Osteoarthritis in Past Human Populations, An anthropological Perspective
Description: softcover, 255 pages (23,5x17), figs., tables
Anna Myszka, Osteoarthritis in Past Human Populations, An anthropological Perspective, UAM, Poznan 2016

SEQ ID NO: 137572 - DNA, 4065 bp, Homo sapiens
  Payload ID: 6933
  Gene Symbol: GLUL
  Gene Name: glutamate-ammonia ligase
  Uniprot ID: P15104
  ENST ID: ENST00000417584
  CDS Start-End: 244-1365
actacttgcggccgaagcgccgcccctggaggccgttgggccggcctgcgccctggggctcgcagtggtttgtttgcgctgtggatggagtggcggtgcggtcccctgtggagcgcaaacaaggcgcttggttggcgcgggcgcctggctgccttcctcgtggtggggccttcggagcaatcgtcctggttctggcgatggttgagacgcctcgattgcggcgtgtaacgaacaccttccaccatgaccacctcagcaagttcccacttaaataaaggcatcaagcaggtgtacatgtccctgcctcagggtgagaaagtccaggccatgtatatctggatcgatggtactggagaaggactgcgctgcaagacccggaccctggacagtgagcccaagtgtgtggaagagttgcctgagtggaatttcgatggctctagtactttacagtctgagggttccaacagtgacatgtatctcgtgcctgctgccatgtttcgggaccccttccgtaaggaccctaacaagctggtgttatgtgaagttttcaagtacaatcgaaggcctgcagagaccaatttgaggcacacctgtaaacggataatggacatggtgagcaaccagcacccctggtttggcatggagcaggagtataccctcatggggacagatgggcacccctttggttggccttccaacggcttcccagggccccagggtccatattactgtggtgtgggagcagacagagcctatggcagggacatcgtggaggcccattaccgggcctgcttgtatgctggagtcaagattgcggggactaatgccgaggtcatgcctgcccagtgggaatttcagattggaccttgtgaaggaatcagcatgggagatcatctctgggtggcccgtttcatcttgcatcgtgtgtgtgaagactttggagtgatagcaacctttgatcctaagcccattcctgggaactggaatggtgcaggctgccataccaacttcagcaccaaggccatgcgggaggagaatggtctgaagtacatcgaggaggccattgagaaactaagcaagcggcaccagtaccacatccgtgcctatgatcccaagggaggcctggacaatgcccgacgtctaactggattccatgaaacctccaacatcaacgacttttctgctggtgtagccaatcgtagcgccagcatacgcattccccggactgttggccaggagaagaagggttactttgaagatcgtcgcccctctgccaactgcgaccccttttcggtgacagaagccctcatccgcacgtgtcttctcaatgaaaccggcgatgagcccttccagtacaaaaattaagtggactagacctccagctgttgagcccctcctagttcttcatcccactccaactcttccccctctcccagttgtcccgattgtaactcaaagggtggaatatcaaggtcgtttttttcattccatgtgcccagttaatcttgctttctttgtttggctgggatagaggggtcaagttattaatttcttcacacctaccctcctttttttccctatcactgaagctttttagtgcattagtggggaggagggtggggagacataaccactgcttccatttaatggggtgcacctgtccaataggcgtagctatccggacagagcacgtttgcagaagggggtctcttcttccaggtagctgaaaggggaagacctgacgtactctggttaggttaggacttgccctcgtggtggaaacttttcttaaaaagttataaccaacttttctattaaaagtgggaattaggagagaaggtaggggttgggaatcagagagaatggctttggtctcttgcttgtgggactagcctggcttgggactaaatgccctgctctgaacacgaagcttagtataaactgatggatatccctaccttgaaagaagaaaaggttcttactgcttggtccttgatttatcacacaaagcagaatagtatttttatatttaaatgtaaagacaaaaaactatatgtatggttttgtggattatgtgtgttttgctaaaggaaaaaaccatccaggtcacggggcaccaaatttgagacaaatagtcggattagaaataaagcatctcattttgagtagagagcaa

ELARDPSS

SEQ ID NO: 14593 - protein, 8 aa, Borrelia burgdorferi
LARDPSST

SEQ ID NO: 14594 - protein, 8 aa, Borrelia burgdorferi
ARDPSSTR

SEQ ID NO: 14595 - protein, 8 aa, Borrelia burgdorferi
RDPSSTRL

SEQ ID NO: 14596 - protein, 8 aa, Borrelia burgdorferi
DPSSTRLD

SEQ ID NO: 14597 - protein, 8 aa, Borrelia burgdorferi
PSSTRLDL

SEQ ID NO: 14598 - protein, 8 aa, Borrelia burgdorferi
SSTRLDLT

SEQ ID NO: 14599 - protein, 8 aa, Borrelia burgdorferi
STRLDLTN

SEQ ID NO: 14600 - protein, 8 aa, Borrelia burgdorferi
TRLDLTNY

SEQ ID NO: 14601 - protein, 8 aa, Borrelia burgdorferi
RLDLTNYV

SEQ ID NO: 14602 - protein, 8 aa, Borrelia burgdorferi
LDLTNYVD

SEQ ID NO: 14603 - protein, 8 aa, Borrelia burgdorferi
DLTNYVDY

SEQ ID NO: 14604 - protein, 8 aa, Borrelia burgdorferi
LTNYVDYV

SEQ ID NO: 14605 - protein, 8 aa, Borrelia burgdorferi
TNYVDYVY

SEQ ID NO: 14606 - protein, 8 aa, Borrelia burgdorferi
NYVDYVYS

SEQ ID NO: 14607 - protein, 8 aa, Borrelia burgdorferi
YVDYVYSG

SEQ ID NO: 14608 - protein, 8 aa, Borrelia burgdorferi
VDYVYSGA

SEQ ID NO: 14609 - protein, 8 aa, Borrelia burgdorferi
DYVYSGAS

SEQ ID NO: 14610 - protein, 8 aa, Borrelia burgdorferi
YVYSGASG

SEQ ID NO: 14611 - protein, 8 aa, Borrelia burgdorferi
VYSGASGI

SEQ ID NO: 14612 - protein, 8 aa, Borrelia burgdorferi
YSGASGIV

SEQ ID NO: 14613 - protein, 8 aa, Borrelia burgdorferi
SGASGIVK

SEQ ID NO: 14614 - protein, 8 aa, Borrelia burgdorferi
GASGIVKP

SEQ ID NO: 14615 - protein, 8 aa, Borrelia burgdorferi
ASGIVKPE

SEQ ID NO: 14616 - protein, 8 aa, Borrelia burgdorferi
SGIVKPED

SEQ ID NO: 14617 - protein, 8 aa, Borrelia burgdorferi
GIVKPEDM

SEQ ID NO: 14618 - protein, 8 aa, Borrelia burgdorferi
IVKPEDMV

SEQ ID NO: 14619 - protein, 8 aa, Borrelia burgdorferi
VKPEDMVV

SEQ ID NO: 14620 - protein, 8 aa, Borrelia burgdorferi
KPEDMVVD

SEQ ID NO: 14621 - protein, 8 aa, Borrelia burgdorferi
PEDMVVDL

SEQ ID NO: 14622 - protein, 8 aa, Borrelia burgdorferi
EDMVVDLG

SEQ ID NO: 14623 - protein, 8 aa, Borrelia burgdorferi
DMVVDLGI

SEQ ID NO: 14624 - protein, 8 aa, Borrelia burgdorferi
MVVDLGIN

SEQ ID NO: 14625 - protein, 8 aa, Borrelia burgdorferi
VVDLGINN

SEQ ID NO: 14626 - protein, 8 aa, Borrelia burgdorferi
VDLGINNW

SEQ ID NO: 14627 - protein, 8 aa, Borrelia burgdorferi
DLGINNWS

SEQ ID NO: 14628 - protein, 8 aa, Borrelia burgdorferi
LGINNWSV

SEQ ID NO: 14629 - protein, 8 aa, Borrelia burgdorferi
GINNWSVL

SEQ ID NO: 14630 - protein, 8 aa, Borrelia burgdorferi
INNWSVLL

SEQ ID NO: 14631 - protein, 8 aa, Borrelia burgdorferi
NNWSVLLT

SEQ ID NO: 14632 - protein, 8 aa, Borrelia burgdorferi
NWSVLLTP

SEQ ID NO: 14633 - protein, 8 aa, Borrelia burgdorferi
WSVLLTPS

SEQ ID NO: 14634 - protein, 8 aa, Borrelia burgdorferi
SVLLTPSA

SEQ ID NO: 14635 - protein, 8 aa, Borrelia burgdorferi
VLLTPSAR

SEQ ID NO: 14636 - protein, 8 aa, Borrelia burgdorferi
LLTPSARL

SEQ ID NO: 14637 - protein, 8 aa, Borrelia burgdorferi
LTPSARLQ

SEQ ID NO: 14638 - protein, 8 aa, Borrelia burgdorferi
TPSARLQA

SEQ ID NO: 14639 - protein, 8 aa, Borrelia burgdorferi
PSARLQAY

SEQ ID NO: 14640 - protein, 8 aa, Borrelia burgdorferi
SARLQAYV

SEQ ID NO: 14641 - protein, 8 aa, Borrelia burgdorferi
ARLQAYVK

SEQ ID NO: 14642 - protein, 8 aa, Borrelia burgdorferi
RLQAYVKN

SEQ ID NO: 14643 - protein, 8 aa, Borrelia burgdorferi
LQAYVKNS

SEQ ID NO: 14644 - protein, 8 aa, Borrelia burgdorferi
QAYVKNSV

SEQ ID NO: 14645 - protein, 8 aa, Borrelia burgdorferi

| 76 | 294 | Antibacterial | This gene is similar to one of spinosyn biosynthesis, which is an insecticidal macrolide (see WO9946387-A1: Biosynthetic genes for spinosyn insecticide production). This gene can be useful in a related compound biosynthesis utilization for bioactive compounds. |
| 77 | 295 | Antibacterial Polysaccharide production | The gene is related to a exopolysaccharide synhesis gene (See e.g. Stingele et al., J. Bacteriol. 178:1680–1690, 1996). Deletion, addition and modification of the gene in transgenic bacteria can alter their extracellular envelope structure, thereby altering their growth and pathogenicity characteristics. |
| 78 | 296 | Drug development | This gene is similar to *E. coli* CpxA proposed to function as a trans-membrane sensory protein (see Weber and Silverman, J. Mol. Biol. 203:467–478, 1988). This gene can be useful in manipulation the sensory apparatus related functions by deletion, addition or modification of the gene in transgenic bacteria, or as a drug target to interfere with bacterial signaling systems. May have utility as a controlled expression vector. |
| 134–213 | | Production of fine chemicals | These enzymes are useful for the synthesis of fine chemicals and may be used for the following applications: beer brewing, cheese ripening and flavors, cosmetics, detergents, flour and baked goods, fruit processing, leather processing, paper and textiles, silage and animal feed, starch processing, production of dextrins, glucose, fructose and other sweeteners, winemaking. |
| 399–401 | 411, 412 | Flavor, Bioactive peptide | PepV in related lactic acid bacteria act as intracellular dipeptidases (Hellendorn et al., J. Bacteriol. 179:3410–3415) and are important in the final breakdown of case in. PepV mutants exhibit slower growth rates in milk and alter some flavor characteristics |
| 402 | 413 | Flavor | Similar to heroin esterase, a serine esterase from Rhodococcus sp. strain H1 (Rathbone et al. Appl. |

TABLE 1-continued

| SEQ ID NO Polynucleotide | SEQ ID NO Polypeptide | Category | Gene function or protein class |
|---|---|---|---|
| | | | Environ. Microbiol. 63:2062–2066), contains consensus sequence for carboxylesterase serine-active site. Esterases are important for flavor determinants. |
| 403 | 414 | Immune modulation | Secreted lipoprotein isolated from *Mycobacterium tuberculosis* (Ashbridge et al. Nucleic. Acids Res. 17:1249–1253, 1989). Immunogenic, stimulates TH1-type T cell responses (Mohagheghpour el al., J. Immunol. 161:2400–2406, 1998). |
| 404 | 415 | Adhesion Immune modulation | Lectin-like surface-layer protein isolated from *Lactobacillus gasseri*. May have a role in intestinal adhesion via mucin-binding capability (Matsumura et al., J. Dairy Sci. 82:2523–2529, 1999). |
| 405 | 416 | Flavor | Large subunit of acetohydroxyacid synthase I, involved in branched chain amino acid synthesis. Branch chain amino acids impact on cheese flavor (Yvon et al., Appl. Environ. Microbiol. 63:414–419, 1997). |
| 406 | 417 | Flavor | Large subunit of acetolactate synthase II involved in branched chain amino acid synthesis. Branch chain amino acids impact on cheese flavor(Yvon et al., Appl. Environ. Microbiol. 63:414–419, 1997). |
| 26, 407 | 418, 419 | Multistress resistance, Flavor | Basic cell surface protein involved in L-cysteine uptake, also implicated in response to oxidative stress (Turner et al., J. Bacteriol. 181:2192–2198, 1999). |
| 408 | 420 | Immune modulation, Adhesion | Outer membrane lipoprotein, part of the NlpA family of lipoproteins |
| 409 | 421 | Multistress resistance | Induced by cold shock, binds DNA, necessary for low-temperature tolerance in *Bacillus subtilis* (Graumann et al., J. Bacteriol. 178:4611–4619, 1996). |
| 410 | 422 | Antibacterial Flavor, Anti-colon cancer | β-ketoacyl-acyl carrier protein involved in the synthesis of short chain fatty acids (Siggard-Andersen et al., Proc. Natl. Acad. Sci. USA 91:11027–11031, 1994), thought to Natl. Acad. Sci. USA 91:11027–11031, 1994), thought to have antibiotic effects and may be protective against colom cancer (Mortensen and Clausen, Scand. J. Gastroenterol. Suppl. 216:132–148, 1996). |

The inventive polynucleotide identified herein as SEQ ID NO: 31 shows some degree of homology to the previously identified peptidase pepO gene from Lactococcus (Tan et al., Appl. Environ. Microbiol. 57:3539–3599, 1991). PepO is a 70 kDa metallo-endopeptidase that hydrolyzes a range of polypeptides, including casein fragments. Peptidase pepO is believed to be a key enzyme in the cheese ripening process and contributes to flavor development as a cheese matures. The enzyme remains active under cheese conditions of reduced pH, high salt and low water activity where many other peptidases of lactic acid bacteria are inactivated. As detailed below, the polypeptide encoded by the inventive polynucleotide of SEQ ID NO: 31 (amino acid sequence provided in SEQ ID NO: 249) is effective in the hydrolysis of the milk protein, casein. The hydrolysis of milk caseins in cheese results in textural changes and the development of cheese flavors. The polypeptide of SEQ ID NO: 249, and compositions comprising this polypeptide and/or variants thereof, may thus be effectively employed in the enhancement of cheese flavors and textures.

Osteoarthritis (OA) is a common pathological condition of the joints identified in past human populations. Although OA lesions are common and easily observable in skeletal materials their interpretation presents some problems to anthropologists. This is due to still unclear etiology of the condition, inconsistent study results obtained for skeletal populations and observed discrepancies between these results and available medical data. The aim of this study is to investigate the factors (such as age, sex, reconstructed body mass, body height, massiveness of skeleton and physical activity manifested in entheseal morphology) that could have an effect on the formation of degenerative joint lesions in past human populations. This is of great importance for the proper assessment of these pathological changes and for their correct interpretation in the context of biology and ecology of skeletal populations (in reconstruction of their lifestyle, biological condition and state of health).